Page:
Our panel on February 12 will explore how psychiatrists outside of Western Lapland who have been inspired by Open Dialogue have been inspired, as well as how they have met the challenges of transitioning to working ‘dialogically.’ “Open Dialogue has opened a way for me to be the best doctor I can be, as part of a clinical team, with enough time and space for all of us to be present as fully embodied human beings,” says panelist Chris Gordon. “This creates a space in which the person can be heard and supported, in which practitioners can offer their knowledge with humility and care, in which truly shared decision-making can occur.” Sandy Steingard, another panelist, says that working with Open Dialogue has allowed her to be “less reliant on a flawed diagnostic system, and to incorporate multiple perspectives into the clinical decision-making process.”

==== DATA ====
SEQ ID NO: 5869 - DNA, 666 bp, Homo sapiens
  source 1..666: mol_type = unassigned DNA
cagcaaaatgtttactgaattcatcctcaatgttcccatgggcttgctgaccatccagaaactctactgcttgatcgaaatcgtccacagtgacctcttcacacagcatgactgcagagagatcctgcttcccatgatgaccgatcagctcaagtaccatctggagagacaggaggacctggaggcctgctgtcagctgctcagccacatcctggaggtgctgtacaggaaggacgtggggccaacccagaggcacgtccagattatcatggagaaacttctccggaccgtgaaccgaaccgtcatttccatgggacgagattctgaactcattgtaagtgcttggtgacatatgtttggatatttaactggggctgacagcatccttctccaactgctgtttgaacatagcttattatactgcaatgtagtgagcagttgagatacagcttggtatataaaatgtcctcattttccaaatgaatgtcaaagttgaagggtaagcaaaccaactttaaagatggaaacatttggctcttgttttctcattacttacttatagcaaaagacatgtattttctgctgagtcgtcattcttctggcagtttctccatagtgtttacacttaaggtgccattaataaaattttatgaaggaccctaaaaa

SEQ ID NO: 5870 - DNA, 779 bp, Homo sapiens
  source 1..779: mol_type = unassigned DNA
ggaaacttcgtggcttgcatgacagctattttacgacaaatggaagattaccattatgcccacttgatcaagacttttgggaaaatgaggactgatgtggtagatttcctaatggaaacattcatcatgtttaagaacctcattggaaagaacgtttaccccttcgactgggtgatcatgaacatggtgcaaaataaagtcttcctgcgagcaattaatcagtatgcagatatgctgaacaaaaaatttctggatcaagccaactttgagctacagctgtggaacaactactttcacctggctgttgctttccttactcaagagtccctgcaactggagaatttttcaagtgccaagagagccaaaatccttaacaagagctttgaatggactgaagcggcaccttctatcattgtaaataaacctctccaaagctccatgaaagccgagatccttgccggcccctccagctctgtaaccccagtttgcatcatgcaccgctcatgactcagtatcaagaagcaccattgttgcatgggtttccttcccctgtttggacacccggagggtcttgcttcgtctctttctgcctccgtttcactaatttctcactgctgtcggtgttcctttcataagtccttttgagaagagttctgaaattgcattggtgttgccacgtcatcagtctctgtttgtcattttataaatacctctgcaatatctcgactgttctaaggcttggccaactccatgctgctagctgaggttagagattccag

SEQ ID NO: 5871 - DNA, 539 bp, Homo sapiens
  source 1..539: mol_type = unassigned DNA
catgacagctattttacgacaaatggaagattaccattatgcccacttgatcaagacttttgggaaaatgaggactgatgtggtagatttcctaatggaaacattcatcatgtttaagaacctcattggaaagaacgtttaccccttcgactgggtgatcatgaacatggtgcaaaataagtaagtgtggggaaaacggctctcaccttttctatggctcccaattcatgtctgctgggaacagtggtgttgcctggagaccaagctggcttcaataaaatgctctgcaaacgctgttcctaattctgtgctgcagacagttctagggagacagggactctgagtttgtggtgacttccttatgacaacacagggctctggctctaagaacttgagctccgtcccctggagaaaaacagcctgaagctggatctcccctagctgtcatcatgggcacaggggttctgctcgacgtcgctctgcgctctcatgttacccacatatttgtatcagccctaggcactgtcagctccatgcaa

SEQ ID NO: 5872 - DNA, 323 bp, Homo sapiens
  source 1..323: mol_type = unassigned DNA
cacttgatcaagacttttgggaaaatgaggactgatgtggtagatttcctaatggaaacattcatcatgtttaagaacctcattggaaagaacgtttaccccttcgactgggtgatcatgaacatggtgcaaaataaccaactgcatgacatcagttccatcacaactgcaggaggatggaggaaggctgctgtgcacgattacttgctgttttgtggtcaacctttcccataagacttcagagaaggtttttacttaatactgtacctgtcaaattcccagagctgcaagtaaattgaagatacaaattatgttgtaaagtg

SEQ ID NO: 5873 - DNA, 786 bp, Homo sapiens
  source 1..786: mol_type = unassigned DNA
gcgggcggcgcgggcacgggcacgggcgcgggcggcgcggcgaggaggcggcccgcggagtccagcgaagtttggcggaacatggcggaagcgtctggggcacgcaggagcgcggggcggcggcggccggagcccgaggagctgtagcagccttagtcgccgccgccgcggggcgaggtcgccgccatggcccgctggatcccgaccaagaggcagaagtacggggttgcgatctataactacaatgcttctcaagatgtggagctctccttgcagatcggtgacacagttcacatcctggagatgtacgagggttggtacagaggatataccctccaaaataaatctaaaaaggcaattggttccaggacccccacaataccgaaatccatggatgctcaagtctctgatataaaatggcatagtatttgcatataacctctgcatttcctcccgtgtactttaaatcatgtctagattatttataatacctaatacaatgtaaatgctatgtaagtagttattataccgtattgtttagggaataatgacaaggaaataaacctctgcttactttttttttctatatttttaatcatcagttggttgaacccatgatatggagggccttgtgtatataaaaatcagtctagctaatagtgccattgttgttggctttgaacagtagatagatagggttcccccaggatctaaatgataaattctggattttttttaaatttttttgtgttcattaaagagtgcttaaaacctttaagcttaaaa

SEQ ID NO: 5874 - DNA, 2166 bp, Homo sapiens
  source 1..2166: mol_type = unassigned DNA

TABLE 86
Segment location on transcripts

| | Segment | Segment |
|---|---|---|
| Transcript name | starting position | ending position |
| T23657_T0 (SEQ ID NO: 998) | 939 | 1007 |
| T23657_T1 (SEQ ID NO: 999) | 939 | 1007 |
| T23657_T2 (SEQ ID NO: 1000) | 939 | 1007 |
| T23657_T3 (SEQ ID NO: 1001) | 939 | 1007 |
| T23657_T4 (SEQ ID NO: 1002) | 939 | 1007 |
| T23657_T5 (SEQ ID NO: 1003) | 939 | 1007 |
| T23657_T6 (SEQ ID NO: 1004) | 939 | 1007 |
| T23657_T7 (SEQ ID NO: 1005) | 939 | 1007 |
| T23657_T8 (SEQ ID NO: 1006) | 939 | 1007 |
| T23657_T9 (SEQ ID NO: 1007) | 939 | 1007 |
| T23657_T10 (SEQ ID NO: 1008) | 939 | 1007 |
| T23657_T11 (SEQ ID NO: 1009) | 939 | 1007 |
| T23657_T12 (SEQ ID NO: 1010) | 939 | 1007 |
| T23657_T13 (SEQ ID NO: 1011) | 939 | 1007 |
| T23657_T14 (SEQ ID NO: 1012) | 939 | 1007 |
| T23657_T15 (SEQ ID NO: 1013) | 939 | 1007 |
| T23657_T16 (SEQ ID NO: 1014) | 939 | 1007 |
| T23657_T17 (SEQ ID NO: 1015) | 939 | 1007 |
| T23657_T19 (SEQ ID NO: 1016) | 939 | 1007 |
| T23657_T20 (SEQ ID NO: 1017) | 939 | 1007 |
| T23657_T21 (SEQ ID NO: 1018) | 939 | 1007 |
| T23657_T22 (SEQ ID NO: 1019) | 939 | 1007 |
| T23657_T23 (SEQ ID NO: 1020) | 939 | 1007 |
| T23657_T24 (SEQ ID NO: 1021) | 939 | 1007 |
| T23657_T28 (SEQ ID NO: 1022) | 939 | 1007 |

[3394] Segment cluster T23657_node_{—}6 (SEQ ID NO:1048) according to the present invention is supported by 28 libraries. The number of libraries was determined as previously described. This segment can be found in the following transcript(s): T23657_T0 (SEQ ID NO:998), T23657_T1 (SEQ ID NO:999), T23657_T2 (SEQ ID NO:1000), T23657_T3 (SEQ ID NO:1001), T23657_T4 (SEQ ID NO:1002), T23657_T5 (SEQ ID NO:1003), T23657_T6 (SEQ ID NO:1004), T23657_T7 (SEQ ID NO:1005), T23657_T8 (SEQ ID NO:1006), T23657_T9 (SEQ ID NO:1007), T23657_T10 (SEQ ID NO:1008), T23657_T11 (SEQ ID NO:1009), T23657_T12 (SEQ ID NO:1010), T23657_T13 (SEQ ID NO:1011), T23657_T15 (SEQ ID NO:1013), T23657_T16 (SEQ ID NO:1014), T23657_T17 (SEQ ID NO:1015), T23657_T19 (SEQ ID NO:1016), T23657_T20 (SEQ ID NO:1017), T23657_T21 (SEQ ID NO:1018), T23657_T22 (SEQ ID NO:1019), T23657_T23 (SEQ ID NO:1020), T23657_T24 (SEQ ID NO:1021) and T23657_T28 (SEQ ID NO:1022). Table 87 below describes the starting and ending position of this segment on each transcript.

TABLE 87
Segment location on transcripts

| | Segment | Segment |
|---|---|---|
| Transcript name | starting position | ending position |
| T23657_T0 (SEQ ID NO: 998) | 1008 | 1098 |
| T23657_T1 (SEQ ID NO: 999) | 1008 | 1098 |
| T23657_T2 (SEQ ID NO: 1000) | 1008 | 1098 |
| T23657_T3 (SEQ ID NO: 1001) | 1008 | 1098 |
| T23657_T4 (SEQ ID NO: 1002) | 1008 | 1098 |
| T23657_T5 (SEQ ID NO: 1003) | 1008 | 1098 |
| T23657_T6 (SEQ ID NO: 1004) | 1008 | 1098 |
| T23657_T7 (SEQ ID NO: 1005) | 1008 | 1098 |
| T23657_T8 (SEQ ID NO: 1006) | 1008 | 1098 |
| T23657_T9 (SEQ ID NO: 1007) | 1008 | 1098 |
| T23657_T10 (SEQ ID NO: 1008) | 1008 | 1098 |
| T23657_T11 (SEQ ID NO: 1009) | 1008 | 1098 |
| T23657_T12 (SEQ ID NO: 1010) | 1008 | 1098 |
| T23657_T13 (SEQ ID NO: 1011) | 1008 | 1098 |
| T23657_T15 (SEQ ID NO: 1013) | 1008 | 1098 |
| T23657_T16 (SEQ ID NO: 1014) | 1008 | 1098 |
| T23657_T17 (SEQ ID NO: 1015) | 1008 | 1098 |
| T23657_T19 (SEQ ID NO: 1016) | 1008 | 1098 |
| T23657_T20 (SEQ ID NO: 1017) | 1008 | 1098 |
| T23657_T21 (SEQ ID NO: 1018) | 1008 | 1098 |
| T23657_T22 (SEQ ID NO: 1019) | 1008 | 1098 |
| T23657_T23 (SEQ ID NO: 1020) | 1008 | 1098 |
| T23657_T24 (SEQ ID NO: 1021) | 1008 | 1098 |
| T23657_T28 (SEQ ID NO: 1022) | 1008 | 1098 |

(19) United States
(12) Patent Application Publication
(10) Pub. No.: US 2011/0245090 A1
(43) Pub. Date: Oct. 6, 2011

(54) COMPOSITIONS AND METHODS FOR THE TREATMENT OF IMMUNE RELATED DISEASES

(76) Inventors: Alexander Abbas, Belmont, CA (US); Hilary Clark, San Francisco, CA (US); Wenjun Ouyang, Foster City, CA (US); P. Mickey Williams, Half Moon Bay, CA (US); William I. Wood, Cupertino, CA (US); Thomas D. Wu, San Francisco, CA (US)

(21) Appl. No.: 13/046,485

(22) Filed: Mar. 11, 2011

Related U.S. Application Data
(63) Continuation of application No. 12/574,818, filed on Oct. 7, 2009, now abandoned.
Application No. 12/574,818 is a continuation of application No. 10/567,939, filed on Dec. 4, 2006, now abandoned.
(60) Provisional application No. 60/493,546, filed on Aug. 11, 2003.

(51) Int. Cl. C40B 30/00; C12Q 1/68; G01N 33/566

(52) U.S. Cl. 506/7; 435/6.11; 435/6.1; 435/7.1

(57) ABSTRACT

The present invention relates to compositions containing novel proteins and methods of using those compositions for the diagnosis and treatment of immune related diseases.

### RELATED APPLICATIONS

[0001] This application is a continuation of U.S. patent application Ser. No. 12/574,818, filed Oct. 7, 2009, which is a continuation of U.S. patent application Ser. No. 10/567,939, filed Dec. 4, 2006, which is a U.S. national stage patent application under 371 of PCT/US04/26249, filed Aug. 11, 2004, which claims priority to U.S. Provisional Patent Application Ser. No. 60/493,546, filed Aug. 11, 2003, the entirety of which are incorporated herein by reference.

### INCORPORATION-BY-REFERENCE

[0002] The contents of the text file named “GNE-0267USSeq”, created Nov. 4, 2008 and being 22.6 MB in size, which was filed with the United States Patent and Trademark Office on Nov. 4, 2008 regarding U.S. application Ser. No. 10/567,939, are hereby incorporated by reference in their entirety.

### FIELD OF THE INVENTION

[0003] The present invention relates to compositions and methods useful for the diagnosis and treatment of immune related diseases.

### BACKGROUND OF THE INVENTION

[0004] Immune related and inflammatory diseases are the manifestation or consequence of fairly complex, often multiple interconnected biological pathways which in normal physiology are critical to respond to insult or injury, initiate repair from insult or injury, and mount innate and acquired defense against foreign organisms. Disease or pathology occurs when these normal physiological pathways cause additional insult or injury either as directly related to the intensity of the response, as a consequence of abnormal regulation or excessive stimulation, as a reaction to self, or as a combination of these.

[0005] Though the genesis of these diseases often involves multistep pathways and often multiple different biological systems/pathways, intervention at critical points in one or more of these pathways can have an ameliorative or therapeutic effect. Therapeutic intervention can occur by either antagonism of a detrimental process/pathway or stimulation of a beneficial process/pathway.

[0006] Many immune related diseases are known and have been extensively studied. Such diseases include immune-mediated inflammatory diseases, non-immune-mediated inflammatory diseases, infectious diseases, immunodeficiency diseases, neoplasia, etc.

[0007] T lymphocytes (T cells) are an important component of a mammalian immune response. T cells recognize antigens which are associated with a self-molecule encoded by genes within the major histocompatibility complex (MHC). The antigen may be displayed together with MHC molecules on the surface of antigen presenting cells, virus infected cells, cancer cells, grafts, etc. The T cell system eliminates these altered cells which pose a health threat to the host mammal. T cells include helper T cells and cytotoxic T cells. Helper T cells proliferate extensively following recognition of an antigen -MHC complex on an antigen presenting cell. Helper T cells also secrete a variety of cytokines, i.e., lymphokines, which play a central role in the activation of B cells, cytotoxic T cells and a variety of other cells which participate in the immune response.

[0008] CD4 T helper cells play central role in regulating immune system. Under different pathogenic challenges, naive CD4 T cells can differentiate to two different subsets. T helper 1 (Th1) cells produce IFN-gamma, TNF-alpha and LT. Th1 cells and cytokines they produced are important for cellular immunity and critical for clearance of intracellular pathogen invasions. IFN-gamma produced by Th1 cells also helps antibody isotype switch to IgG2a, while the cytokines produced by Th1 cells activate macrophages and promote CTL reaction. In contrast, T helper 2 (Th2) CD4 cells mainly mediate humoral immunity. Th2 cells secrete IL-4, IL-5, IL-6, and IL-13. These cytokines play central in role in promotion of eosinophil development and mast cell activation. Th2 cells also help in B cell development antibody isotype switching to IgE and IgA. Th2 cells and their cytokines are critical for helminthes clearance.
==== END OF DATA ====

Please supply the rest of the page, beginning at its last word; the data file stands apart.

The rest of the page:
How have psychiatrists met the institutional and economic obstacles to adapting Open Dialogue-inspired work? How have psychiatrists incorporated Open Dialogue’s research that found that medicating later, if at all, and in smaller amounts and for shorter times improved outcomes? And, how has taking on these challenges changed psychiatrists sense of their work, or their clients, and of themselves?
Please join our panel of psychiatrists from Switzerland, Spain, Italy and the U.S. on Friday, February 12 at noon Eastern U.S. time (5:00 pm London time) to discuss these and other crucial questions of bringing Open Dialogue to a world in crisis.
To learn more about the panelists please copy and paste this link https://docs.google.com/document/d/1DeTUhfO0VFj92gI6FDLJIrBmfsviOLXnRCtKHCdj_Pc/